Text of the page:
The Pros & Cons of a Creative Lifestyle

I’m feeling a little introspective today.

Maybe it’s the weather (cool and rainy? In May? In the Mid-Atlantic? I am not a fan!) Maybe it’s getting ready to move (looking for a new apartment = exhausting.) Or maybe it’s the lack of changes right now (I thought we’d be leaving Philadelphia this summer, turns out it will be next summer.)

It also might have something to do with the friend who asked me last week, “You’re self-employed? But that’s so risky, isn’t it?”

Whatever the cause, I’ve been thinking a lot lately about this new life that I’m living, balancing freelance work and a creative lifestyle.

What makes me do it? What makes it worthwhile?

Pros & Cons of My Creative Lifestyle

Pro: What I can do is unlimited

One reason I went full-time freelance was that my day jobs interfered with my ability to pursue my acting work. I had to turn down a fantastic opportunity, and thinking about it still stings. Now, there’s no reason I can’t pursue multiple types of work.

Con: Availability doesn’t always mean the outcome

Of course, being available to pursue multiple types of work doesn’t always mean it goes the way you want. I worked through audition season for local theatres, and I still don’t have any projects lined up. I had clients scale back in April, and that was rough. And I don’t have the comfort of blaming a boss for things not working out — every outcome rests squarely on my shoulders.

Pro: There’s always another path to take

I can quickly jump on another when one path doesn’t work out. If I don’t have any theatre work lined up for this fall… well, it’s time to look at some more films, commercials, and tv! When I was working for others, there was always a set way to do things. Now, I can branch out and decide for myself what comes next.

Con: Creative work can be exhausting

When do you work for yourself? Who will always do more work? I can spend all day writing, but I still have more marketing tasks on my to-do list. I can spend all day running between auditions, then come home and have four more hours of client work waiting for me. Because there’s always more to do, it can be hard to shut off at the end of the day or allow me to take time off.

Pro: Scheduling flexibility

I got an email from a friend today about planning a beach trip next month. Several people had to check what their office’s time off policy was. My husband had to contact colleagues about covering his classes for a few days. Me? I just said yes! I know I can work from anywhere, so I’ll bring my laptop and spend a few hours each day at work and the rest of the time on the beach. As long as I have an internet connection, I can go anywhere. That’s an incredible feeling.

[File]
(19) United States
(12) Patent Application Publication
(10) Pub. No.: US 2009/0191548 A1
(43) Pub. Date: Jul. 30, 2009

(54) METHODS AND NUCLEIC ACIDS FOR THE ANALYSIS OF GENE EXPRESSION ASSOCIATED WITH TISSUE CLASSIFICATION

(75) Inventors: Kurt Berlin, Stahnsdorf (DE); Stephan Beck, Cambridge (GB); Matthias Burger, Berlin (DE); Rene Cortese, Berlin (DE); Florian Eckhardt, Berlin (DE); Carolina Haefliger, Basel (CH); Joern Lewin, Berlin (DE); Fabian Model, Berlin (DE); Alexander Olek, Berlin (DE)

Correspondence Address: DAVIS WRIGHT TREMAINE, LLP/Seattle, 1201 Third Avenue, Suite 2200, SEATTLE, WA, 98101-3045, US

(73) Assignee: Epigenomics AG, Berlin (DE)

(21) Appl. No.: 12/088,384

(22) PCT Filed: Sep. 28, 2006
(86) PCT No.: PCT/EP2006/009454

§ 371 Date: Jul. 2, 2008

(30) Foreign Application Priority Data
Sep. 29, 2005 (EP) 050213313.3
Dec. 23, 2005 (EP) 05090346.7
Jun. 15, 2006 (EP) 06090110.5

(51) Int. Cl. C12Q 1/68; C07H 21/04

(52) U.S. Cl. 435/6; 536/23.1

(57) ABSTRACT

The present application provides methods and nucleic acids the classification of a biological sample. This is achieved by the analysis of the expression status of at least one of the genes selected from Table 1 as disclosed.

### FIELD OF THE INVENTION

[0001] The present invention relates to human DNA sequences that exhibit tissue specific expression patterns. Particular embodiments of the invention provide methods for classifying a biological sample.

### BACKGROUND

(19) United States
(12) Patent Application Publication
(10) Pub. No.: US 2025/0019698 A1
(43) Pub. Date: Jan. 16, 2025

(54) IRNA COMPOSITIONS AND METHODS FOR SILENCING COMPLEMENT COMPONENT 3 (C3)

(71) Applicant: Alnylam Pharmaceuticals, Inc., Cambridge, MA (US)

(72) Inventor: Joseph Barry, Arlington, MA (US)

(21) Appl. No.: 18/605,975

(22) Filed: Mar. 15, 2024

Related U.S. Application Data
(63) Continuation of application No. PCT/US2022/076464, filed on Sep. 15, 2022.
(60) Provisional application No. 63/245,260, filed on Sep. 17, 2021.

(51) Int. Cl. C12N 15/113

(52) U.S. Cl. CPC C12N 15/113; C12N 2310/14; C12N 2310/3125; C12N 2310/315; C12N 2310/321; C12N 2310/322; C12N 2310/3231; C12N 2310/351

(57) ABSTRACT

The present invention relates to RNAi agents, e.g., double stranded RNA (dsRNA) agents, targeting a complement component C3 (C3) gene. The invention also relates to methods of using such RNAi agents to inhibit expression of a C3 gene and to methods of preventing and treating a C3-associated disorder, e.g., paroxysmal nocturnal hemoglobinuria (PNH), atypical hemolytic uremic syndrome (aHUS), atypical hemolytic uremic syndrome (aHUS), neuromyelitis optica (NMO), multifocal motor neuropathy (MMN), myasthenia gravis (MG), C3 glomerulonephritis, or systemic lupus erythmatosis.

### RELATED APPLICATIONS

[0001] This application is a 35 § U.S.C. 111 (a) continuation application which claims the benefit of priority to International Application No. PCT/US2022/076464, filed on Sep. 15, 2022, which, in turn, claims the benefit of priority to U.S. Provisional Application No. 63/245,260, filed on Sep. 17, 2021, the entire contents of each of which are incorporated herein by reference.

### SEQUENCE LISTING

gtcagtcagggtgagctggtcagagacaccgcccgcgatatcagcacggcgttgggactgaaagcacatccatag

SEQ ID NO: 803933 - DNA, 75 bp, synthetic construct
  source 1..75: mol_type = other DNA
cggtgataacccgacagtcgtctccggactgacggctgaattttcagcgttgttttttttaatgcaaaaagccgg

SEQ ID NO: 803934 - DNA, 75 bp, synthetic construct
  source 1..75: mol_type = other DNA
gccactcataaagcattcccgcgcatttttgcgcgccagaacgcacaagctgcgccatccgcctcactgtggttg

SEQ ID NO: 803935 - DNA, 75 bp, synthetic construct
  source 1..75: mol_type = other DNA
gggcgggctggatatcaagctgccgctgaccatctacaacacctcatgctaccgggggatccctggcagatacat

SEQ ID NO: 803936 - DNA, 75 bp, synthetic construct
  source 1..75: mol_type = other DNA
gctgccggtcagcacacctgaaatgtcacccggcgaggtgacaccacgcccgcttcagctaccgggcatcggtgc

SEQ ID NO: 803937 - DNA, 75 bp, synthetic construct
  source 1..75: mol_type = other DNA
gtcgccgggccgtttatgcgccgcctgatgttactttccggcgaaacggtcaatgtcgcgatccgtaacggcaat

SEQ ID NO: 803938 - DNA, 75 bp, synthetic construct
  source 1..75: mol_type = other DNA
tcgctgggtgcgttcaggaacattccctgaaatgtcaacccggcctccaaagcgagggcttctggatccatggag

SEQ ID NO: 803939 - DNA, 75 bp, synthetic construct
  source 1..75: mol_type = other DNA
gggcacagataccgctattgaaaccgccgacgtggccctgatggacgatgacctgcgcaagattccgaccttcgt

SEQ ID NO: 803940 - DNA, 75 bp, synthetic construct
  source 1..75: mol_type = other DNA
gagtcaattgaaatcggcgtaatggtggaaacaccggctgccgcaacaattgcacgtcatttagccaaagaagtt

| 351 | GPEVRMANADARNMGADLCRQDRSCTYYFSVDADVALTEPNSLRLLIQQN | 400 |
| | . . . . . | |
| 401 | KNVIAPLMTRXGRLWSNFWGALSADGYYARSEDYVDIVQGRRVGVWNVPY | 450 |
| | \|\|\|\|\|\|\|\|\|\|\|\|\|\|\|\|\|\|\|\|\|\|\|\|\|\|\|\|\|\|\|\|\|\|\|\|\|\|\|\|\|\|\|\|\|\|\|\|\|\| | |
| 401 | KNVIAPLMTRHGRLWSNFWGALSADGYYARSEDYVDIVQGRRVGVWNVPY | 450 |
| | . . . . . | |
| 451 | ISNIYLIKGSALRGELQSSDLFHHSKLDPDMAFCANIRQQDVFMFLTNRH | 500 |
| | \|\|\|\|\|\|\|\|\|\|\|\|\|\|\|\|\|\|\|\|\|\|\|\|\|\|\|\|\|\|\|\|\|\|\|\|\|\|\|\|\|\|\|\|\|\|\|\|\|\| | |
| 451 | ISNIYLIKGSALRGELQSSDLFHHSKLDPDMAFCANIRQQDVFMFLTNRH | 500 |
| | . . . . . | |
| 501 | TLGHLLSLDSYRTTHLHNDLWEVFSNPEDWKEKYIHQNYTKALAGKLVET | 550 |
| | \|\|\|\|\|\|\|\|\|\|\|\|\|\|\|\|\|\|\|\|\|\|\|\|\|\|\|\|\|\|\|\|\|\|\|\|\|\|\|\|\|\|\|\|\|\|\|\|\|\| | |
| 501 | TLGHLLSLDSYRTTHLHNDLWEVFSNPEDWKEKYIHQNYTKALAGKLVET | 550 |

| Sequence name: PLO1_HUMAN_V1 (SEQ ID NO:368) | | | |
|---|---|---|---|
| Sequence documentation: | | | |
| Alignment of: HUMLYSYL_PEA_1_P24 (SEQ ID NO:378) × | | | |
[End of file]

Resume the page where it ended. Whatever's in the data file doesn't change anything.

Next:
Con: Income instability

As I confessed a little while ago, my income took a hit in April. It’s climbing back up, and I think it will soon be higher than before the downturn. But income instability is a fact of freelancing life. We try to account for it with savings and multiple revenue streams, but there’s always a chance your clients will say, “See ya!” and leave you wondering where your next few paychecks will come from.

Pro: I can’t be “unemployed.”

When that friend I mentioned asked me about the risk of being self-employed, I had to stop laughing. Because the fact is that any job is risky, you can work anywhere and still wake up unemployed tomorrow. As a freelancer, though, I’m constantly marketing and constantly working. Even if I lose a client, I still have more work: more clients to reach out to, more blogs to pitch, and more auditions to attend. I’m never unemployed because I work for myself.

Pro: My life now reflects my priorities

When I turned down that role last fall, I realized something was out of alignment. My schedule, the things I was committed to and made time for, did not reflect what mattered to me. Visiting family was brutal. Time with my husband and friends wasn’t happening. And I had to let excellent opportunities pass me by. Now that I set my schedule and work for myself, I can prioritize the way I want to, not the way someone else’s business requires.

Pro: Ability to work on my projects

If you don’t have time for personal projects, you aren’t freelancing. You’ve just traded one boss (your former employer) for several (your clients). Now, I have time to pursue all sorts of things I’m excited about: writing a novel, working on some short stories, studying swing dancing, planning a new authority website… Without my self-directed, creative lifestyle, I wouldn’t have time for all that.

Pro: My life has a sense of adventure and possibility

I no longer feel awful when I wake up on Monday mornings. I no longer wake up in the morning, unable to remember the day because my weeks are hectic. I no longer look at my calendar and want to cry because I’m running between so many obligations that I don’t care about. I wake up energized (except on rainy days like today, when I want to stay in bed and read, but that’s never going away.) I feel free. I feel like hundreds of exciting things, fun places, and creative projects are waiting for me to discover them.

That feeling is worth any number of cons you can throw at me.

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